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Van de Kamp May Oppose Offshore Oil Plan in Court

July 04, 1987

California Atty. Gen. John K. Van de Kamp said Friday that he is considering challenging in court the new five-year plan for oil and gas leasing off the California coast approved by U.S. Interior Secretary Donald P. Hodel.

Such a challenge would have to be filed in federal Appeals Court in Washington by Sept. 1.

Van de Kamp issued a statement contending that Hodel's plan confirms what he termed the secretary's "drill-at-any-cost philosophy."

The attorney general also took issue with the recent statement of Hodel aide Bill Bettenberg labeling California "extreme" and not having "a mature outlook" for opposing oil drilling.

Van de Kamp's statement came one day after the U.S. Minerals Management Service announced that it was taking the first steps under the five-year plan to begin new oil and gas development off the Southern California coast.

Oil companies, environmentalists and others have 30 days to provide the service with nominations or objections of areas to be opened in Lease Sale 95, scheduled for September, 1989.

Not to be offered for sale, however, are environmentally sensitive areas excluded in the Hodel plan.

Among the excluded areas are Santa Monica Bay, the Santa Barbara Federal Ecological Preserve and Buffer Zone, Channel Islands National Marine Sanctuary, coastal buffer zones offshore from Newport Beach and Irvine Coast Marine Life Refuges and Heisler Park. Also excluded are zones around Santa Catalina Island, as well as coastal buffers offshore from San Diego and La Jolla.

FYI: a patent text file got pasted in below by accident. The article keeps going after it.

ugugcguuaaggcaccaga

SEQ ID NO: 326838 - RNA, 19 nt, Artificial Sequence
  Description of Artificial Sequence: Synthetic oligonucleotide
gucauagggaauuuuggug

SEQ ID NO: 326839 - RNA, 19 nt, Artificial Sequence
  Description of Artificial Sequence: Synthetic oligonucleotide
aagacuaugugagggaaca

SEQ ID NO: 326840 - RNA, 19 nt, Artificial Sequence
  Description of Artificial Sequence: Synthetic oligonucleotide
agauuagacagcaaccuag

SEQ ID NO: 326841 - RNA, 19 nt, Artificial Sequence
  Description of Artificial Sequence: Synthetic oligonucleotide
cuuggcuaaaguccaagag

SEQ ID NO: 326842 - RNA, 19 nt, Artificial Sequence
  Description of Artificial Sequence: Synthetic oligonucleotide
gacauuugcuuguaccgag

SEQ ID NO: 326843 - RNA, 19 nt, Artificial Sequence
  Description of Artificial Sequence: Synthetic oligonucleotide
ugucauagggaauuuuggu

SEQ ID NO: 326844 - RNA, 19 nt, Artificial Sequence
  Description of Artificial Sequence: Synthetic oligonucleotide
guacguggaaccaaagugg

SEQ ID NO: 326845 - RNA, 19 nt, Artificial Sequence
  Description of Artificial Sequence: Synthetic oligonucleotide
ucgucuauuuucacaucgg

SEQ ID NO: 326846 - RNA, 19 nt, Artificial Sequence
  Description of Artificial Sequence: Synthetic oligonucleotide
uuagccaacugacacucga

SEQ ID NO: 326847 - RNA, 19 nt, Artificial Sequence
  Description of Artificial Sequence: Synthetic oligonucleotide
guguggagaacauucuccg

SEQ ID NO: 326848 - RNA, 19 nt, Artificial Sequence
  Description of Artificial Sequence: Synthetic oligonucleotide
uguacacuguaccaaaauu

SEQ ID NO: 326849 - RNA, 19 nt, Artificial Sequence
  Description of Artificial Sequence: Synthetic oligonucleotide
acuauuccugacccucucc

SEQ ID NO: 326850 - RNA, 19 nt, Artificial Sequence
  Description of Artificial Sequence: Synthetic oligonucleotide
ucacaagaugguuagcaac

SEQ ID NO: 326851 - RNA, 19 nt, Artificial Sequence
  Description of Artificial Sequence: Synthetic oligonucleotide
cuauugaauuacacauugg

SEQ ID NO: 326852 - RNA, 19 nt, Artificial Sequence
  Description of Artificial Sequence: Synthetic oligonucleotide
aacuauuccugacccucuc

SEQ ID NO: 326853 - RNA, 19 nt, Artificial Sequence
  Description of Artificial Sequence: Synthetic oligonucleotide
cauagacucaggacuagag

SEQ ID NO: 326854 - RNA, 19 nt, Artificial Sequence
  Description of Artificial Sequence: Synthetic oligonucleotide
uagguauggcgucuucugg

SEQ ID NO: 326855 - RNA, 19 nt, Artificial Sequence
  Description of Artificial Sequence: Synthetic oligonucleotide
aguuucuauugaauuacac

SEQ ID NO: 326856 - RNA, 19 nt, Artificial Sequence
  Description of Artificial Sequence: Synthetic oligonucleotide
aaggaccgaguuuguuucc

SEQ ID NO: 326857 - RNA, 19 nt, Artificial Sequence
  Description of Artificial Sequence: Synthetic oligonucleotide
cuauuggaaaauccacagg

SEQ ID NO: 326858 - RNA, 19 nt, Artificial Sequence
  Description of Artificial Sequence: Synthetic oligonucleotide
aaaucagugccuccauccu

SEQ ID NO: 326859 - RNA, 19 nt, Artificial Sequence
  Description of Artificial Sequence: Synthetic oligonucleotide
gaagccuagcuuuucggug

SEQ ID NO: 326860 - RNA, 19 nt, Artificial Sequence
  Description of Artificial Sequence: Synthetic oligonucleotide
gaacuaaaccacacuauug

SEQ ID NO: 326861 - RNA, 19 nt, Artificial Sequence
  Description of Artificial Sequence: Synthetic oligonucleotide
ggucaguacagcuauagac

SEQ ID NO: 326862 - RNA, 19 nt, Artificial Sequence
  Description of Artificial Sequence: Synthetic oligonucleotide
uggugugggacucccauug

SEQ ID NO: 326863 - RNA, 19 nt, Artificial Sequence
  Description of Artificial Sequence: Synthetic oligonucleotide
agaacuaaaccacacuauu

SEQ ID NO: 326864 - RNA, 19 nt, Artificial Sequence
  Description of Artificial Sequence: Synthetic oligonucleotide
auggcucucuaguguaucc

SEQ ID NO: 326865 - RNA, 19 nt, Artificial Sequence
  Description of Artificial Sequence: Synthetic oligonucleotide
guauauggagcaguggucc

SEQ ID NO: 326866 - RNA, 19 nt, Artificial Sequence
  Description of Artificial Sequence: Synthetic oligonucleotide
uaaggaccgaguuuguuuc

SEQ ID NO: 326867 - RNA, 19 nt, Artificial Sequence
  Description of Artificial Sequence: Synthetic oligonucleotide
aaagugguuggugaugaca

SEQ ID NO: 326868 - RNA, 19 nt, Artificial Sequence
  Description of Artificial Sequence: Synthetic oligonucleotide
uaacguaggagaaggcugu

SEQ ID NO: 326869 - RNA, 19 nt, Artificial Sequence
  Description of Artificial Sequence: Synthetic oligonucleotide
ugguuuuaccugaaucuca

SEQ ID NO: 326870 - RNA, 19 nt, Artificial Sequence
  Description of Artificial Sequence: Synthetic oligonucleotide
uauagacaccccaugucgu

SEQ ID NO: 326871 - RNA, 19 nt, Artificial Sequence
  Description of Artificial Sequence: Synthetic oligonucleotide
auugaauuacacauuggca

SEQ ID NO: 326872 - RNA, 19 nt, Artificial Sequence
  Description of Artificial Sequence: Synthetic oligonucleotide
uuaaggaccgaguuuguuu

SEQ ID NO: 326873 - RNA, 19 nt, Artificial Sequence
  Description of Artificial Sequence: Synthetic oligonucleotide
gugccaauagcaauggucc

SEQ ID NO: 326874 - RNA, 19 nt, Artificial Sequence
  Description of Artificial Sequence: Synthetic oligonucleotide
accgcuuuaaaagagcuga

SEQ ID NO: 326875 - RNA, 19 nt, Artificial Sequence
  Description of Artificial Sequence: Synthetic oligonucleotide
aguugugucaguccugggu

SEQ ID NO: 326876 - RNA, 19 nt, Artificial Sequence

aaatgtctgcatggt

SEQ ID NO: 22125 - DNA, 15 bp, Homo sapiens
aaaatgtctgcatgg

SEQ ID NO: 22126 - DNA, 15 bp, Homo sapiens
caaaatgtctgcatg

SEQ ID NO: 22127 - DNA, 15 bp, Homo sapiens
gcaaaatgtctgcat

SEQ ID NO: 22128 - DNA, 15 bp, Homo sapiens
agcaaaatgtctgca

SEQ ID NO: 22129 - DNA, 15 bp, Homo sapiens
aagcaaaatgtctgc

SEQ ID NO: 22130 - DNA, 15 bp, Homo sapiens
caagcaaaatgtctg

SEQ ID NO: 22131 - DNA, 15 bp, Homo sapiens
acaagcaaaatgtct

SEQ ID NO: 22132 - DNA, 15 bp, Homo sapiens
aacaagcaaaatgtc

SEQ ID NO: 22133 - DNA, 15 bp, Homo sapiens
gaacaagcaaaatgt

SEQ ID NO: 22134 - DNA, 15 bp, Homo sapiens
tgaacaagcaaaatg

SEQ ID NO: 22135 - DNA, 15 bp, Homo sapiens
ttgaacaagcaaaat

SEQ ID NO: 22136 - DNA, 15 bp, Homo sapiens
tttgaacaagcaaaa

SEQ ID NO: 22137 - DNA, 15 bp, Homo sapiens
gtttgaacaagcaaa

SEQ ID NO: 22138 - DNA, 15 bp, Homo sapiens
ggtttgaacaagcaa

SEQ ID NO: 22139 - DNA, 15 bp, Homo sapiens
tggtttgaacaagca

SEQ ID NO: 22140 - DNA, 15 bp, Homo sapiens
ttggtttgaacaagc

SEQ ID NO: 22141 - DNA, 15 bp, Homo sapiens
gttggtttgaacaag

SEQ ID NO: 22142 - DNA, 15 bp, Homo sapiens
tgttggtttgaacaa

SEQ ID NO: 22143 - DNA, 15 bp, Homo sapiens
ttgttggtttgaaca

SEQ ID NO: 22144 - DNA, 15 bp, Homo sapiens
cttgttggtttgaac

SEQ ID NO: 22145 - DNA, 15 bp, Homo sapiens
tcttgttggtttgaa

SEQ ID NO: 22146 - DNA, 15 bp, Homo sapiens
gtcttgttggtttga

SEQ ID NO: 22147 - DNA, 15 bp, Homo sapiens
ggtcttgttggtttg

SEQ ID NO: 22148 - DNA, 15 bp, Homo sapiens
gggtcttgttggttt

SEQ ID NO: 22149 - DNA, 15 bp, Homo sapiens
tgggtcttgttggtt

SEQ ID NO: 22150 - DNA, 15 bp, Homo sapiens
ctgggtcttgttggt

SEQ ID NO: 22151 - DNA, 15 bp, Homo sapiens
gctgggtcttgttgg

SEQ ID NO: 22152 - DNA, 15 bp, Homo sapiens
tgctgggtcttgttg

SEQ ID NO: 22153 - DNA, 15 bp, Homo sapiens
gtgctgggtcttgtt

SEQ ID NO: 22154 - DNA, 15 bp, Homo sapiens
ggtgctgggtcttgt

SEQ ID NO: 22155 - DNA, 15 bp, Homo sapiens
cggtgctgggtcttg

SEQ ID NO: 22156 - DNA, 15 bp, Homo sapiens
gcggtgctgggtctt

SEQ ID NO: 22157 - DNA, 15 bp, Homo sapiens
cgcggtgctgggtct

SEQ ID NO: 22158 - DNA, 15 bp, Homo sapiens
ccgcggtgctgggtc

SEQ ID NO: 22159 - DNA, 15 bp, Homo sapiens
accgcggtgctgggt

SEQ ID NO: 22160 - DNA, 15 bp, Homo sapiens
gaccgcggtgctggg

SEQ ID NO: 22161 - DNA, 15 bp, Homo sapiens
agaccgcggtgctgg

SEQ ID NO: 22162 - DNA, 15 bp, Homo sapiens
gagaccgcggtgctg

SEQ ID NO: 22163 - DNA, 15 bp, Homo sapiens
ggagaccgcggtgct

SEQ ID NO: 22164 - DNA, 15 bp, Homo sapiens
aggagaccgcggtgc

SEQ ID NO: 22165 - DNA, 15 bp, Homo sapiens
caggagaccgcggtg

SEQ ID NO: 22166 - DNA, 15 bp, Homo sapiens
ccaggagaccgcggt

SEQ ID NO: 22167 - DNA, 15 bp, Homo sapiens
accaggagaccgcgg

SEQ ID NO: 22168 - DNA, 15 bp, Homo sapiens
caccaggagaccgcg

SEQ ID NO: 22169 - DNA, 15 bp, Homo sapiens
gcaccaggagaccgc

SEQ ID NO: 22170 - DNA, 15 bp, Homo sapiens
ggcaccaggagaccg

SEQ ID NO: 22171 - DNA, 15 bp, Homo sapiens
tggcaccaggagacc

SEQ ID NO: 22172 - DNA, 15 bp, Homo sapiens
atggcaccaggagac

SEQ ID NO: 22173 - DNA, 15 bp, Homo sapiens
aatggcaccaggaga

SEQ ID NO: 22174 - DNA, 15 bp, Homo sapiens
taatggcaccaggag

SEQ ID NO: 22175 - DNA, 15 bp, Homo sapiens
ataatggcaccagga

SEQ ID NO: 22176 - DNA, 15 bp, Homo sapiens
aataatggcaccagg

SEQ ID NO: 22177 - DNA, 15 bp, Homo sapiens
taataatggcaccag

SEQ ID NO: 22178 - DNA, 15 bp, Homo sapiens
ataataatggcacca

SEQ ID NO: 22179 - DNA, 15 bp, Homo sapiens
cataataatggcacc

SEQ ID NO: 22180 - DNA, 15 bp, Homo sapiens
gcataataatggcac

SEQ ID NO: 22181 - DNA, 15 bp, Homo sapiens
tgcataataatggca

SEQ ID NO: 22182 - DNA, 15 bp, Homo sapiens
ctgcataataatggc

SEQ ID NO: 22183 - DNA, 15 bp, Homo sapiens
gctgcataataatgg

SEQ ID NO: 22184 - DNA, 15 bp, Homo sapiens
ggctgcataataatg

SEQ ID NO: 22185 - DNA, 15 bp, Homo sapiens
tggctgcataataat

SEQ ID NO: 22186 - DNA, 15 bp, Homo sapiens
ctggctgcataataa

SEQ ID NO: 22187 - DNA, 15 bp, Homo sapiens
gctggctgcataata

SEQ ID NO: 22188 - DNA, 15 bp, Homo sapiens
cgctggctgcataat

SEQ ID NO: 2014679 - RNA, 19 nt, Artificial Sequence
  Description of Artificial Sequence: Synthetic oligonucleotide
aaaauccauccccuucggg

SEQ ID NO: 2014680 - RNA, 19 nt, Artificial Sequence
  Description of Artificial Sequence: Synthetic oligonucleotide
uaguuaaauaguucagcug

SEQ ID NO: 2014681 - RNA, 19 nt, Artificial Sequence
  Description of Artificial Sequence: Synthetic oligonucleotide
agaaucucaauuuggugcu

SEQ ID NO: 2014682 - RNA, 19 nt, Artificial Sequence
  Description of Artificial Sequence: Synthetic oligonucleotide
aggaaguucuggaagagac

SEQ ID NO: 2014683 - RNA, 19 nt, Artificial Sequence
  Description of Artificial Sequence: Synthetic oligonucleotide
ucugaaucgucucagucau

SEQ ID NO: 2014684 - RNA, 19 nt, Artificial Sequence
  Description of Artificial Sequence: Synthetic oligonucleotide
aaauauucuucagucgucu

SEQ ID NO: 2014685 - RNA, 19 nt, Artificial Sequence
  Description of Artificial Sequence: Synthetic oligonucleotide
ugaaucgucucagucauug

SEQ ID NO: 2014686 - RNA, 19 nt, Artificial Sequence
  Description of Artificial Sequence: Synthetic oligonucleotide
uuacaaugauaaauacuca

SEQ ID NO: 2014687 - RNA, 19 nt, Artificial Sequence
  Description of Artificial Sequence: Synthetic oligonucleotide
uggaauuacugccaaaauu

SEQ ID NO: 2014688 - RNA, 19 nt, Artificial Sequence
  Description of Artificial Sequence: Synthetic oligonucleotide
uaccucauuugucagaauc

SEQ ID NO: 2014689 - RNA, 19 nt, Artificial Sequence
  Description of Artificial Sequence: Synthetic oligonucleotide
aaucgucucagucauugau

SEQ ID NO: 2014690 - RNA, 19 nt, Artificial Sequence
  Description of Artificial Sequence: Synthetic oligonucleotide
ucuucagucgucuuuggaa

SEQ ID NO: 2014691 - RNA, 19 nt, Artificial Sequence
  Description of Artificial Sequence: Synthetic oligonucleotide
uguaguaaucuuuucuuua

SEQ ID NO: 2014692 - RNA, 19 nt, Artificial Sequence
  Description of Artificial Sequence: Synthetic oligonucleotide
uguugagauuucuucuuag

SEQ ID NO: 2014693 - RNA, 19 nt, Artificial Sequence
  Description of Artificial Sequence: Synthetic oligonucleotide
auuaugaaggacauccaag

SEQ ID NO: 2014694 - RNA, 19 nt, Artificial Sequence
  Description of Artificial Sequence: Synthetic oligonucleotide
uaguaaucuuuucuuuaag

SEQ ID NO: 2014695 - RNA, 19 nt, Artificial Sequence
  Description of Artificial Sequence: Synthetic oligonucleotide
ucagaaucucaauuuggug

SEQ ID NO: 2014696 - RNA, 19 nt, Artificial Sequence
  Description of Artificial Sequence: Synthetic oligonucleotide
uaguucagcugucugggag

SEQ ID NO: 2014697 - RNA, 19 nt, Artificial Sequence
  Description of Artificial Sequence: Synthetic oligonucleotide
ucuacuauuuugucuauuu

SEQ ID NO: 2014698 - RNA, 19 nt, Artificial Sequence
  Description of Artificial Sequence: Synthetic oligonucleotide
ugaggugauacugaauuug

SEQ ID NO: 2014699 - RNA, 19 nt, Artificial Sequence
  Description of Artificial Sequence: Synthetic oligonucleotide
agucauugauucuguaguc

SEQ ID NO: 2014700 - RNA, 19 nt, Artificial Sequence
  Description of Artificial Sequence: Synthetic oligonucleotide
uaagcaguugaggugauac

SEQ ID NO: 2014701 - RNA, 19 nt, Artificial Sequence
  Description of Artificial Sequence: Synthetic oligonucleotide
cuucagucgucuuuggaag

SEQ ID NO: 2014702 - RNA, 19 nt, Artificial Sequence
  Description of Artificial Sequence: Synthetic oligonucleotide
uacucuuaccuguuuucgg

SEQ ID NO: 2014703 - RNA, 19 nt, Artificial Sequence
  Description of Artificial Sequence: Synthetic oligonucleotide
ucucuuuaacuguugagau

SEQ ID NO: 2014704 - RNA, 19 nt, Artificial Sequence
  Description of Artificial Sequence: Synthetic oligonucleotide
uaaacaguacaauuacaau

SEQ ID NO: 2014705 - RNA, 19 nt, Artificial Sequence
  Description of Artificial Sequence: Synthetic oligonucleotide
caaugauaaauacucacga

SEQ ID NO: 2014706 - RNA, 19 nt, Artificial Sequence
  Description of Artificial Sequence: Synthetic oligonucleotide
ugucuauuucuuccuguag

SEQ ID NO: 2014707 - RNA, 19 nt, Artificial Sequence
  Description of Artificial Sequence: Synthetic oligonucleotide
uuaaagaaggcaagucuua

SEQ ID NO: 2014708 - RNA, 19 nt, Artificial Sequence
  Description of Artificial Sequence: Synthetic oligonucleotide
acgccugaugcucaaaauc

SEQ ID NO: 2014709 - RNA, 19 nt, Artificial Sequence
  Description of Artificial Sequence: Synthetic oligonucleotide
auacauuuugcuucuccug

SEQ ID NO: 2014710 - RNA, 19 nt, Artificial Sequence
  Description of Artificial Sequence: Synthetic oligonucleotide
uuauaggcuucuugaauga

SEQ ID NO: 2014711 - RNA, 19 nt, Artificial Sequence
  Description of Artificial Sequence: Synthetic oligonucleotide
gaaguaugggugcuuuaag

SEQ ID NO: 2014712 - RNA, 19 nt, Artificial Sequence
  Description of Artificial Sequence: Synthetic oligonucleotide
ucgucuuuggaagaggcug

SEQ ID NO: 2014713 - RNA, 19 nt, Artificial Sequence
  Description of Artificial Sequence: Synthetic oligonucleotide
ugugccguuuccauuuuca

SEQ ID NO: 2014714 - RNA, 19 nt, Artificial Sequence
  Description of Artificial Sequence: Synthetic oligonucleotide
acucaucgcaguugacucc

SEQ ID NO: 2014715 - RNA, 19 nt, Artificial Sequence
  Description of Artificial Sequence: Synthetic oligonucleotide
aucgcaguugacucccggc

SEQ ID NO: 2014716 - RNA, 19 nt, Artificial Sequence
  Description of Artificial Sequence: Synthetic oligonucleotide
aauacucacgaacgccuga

The five-year plan has been widely criticized by environmentalists and California lawmakers, who have charged that the exclusions do not protect enough ecologically sensitive areas. Despite the objections, the five-year plan went into effect this week because Congress did not vote to disapprove it.

The call by the U.S. Minerals Management Service for information and nominations precedes the preparation of a draft environmental impact statement and public hearings.

Minerals Management Service spokesman Fred Jacobs said remarks should be sent to the regional supervisor of the service's Office of Leasing and Environment, Pacific Region, 1340 West 6th St., Los Angeles, 90017.

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